(Possible relationship to potassium deficiency)
by Joe Traynor
Putrescine is one of a number of nitrogen (N) compounds that are intermediate metabolic products as plants convert fertilizer nitrogen to more usable forms. Some N compounds are toxic to plants — cyanide (CN) is an example but is rarely a problem in commercial agriculture. Putrescine, whose precursor is arginine, can, under certain conditions, accumulate to levels that are toxic to plants – do a Search for putrescine toxicity and you will find hundreds of reports on the subject but none (to my knowledge) for almonds.
Putrescine toxicity is also associated with potassium deficiency (do a Search for putrescine potassium). Apparently potassium (K) is needed to convert putrescine to safer metabolites and if K is deficient, putrescine will accumulate to toxic levels – high putrescine levels in plant tissue can be as good an indicator of K deficiency as K levels alone (and can also indicate excess nitrogen). It should not be surprising that symptoms of putrescine toxicity are identical to those of K deficiency – insufficient K allows putrescine to build to toxic levels. This can lead to confusion if one does not recognize that putrescine toxicity and K deficiency can act independently of each other.
Can putrecscine accumulate to toxic levels when plant K levels are sufficient? Yes! – under certain conditions. In an apple study, normal leaves containing ample K were fed putrecscine and soon showed classic K deficiency symptoms. Detailed UC studies on grapes introduced the term False Potassium Deficiency (FK) for grape vines that showed classic K deficiency symptoms but had K levels in plant tissue that were slightly depressed but were considered sufficient. Leaves from these FK plants showed putrescine levels up to 30 times higher than normal levels. K levels in leaves bounced back and symptoms disappeared in a few weeks without any supplemental potassium.
We know that putrescine toxicity occurs in K-deficient plants but how does putrescine accumulate in plants with adequate K? The UC grape study showed that putrescine toxicity (or FK) is often seen when a cool spell follows a warm spell. There is likely an accumulation of putrescine when plants (and trees) are given nitrogen in excess of their needs and cool weather prevents or slows down the metabolic conversion of putrescine to less toxic N compounds. The UC study showed that plant analysis for total N or ammonium-N can be used to distinguish putrescine toxicity from K-deficiency – false potassium (FK) plants had very high N and ammonium-N levels.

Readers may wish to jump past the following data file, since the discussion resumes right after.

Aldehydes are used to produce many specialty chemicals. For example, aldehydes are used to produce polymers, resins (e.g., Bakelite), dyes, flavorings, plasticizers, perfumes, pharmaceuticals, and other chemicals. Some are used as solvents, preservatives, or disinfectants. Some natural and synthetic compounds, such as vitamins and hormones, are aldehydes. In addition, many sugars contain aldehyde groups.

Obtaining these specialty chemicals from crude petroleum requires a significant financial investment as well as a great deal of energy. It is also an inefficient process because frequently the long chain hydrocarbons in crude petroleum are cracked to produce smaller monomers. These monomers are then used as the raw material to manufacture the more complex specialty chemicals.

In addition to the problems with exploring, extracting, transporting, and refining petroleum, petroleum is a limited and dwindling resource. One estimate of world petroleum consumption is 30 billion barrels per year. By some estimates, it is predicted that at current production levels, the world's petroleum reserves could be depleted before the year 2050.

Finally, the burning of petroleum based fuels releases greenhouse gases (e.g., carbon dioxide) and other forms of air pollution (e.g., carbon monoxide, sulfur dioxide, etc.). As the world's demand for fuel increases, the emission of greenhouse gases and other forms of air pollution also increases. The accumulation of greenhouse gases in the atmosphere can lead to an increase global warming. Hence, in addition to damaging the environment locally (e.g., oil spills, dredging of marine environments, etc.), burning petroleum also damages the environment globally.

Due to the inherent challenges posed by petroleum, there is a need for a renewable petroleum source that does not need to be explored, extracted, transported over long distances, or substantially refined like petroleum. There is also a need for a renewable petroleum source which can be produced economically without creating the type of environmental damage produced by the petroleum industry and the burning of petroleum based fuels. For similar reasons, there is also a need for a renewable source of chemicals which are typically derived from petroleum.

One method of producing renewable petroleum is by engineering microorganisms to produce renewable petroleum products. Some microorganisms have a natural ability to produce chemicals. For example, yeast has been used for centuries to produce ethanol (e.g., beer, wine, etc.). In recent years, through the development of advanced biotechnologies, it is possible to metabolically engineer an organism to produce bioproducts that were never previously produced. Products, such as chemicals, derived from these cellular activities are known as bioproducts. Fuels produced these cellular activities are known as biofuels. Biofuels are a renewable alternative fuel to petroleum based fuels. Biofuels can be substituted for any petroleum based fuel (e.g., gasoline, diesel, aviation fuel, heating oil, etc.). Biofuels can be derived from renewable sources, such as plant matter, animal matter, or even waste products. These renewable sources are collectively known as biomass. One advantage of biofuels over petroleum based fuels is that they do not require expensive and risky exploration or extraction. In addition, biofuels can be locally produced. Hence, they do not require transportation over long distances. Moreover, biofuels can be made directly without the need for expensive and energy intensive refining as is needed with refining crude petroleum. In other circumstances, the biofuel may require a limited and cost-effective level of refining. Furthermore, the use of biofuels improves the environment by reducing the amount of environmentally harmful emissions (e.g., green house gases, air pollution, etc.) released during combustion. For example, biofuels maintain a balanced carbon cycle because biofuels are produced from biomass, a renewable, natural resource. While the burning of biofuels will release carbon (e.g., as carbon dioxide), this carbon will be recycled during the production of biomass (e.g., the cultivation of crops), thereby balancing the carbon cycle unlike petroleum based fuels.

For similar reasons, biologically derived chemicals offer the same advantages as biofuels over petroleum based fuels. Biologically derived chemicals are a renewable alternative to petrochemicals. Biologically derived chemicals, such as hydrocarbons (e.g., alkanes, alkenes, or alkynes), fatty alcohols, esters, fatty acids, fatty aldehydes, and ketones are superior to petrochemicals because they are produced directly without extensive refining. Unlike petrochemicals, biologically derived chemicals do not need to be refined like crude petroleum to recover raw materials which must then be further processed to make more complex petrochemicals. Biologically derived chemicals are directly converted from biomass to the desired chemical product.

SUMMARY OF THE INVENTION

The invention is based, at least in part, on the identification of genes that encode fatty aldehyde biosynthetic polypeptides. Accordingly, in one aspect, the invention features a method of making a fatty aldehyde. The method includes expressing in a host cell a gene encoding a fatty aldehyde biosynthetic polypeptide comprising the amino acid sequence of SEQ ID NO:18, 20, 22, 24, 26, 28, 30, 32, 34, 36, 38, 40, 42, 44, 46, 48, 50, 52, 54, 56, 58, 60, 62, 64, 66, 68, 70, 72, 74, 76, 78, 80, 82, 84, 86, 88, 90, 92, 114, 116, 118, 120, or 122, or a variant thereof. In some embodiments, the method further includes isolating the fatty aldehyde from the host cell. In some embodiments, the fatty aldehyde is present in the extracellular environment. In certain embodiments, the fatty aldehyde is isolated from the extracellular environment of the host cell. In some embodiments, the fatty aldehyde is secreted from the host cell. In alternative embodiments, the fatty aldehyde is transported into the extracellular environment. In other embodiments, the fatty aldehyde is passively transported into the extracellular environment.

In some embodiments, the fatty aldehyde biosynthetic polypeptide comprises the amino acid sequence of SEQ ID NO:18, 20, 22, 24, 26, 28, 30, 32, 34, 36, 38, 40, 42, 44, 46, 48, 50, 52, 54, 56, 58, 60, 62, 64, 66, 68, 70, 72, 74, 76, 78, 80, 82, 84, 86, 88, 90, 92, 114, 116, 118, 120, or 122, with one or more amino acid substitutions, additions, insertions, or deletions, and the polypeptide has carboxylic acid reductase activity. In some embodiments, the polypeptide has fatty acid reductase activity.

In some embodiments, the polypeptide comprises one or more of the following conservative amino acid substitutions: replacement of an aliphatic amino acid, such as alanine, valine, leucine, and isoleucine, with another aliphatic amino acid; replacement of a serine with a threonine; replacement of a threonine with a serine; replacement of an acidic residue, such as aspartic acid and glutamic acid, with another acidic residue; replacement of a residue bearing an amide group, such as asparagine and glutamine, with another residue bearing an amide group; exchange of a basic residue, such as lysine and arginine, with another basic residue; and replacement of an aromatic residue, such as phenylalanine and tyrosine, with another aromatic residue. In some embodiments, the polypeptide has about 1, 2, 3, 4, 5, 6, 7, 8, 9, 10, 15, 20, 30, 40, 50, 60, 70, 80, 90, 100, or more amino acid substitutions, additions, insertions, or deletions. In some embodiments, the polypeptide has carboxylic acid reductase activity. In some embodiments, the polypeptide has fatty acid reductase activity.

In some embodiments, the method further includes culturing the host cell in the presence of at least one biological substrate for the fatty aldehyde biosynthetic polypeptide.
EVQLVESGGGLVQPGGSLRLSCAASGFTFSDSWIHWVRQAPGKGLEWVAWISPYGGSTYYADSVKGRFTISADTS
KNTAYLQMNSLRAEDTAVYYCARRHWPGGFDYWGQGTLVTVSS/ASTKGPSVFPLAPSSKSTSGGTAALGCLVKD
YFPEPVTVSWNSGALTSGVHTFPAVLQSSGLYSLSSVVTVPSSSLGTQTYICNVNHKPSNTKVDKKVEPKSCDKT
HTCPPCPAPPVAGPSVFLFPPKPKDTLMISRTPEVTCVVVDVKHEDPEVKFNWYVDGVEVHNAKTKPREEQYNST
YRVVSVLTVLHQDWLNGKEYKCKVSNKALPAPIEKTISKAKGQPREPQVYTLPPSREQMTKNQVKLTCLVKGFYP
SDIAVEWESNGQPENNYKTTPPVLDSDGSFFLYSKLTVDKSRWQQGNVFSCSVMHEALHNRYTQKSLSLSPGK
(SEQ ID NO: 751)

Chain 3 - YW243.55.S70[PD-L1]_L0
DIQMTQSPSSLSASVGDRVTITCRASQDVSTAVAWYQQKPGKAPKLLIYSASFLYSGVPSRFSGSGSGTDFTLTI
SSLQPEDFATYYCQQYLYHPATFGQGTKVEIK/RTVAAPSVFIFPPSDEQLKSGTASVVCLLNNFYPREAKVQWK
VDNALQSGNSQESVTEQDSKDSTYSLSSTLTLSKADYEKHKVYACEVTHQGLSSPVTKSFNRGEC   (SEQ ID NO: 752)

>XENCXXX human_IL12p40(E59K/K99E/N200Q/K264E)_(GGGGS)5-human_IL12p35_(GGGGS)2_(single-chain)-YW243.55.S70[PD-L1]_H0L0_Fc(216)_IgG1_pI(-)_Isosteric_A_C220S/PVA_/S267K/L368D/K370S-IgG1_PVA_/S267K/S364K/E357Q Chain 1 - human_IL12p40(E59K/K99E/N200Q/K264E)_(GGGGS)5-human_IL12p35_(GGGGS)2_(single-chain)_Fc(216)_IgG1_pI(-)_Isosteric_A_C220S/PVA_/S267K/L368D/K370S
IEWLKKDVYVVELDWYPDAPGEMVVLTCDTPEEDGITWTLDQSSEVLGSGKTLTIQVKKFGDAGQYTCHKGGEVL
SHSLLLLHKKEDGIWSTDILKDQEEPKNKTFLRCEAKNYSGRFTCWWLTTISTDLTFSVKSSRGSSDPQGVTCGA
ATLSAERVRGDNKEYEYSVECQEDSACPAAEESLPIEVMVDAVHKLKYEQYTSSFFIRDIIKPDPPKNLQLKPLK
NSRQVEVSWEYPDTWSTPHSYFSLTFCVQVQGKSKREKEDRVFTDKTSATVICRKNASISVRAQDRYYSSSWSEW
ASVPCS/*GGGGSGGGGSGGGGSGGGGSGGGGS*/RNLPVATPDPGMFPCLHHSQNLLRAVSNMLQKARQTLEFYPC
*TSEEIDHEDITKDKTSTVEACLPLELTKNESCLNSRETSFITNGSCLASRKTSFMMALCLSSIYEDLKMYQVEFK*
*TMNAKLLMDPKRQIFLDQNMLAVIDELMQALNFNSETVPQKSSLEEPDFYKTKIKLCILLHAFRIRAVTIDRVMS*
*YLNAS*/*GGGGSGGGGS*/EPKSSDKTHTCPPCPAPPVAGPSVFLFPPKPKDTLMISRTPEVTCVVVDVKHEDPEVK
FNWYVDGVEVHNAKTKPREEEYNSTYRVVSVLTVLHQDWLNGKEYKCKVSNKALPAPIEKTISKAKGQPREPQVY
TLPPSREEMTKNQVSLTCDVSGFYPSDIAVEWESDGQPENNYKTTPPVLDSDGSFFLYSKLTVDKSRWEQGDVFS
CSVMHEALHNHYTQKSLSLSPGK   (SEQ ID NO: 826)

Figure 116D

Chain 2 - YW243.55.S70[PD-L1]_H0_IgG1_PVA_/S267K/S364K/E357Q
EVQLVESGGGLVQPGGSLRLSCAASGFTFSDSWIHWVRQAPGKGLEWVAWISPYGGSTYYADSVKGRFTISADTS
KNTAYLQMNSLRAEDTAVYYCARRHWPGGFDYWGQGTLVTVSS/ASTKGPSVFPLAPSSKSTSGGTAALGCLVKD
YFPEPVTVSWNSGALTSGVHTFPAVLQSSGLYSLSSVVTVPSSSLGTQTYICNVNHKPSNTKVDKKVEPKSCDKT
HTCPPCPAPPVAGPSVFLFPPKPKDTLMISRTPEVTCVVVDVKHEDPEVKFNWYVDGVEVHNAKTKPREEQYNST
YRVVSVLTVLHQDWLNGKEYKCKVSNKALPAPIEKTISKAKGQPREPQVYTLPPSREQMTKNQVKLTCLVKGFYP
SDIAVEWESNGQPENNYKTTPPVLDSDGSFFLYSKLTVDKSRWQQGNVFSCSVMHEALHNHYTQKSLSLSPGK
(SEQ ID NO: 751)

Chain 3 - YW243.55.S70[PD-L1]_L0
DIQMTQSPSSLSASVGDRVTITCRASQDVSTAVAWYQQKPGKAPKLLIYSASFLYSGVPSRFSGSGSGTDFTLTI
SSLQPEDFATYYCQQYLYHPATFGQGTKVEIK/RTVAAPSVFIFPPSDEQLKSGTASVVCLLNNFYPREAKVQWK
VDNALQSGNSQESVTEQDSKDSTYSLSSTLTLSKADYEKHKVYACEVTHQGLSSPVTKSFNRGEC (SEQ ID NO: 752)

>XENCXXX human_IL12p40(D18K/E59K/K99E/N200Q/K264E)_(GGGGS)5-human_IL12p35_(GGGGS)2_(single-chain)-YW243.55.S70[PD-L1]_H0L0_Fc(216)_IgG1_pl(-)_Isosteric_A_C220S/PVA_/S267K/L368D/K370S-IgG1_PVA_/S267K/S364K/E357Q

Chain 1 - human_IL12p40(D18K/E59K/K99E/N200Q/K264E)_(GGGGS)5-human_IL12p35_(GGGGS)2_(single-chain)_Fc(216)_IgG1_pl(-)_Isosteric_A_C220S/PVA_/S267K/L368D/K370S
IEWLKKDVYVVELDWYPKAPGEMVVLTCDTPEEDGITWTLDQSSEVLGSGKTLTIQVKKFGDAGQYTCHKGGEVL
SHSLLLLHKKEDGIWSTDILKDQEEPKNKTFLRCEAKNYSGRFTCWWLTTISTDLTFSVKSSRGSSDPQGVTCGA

In 2010, there were scattered reports of classic K deficiency symptoms on young, non-bearing almond trees and K-deficiency was diagnosed as the cause. This flies in the face of everything we know about K-deficiency – that crop load, not vegetative growth, drives the demand for K; this is especially true for almonds where a bumper crop removes 200+ pounds of K from the soil, but K taken up by vegetative growth is negligible
Growers can minimize putrescine toxicity on young, non-bearing trees by being careful not to over-fertilize with nitrogen. Adding potassium fertilizer to non-bearing trees is a dubious undertaking as this K can be tied up in the soil and less available when the trees really need it – when they start bearing. Adding a triple-mix (N-P-K) fertilizer to newly planted trees can backfire since the K in such fertilizers is almost always in the form of potassium chloride and chloride can retard the growth of new trees.
If you see K-deficiency symptoms on non-bearing trees – marginal and interveinal leaf scorch and upward curling of leaves — resist the temptation to apply potassium fertilizers unless leaf analysis for K shows definitively that what you are seeing is true K deficiency. Instead, cut back or temporarily eliminate N fertilization and it is likely that the problem will self-correct during warmer weather as the trees work the excess putrescine out of their systems. Save your K fertilizer dollars for when they are needed down the road—when your trees start cranking out those bumper crops.
Comparative Leaf Tissue Analysis of Potassium Deficiency and a Disorder Resembling Potassium Deficiency in Thompson Seedless Grapevines; Peter Christensen et al, Amer. J. Enol. Vitic., 41(1)77-83 (1990).
Elevated Putrescine Levels in Grapevine Leaves That Display Symptoms of Potassium Deficiency; Douglas Adams et al., Am. J. Enol. Vitic. 41(2)121-125. (1990).
Effects of potassium deficiency on nitrogen metabolism of fruit plants. G. Forshey and M. McKee. J. Amer. Soc. Hort Sci. 95:727-729 (1970).
This article appeared in the Feb.11, 2011 issue of Nut Grower and PCA (Pacific Nut Producer)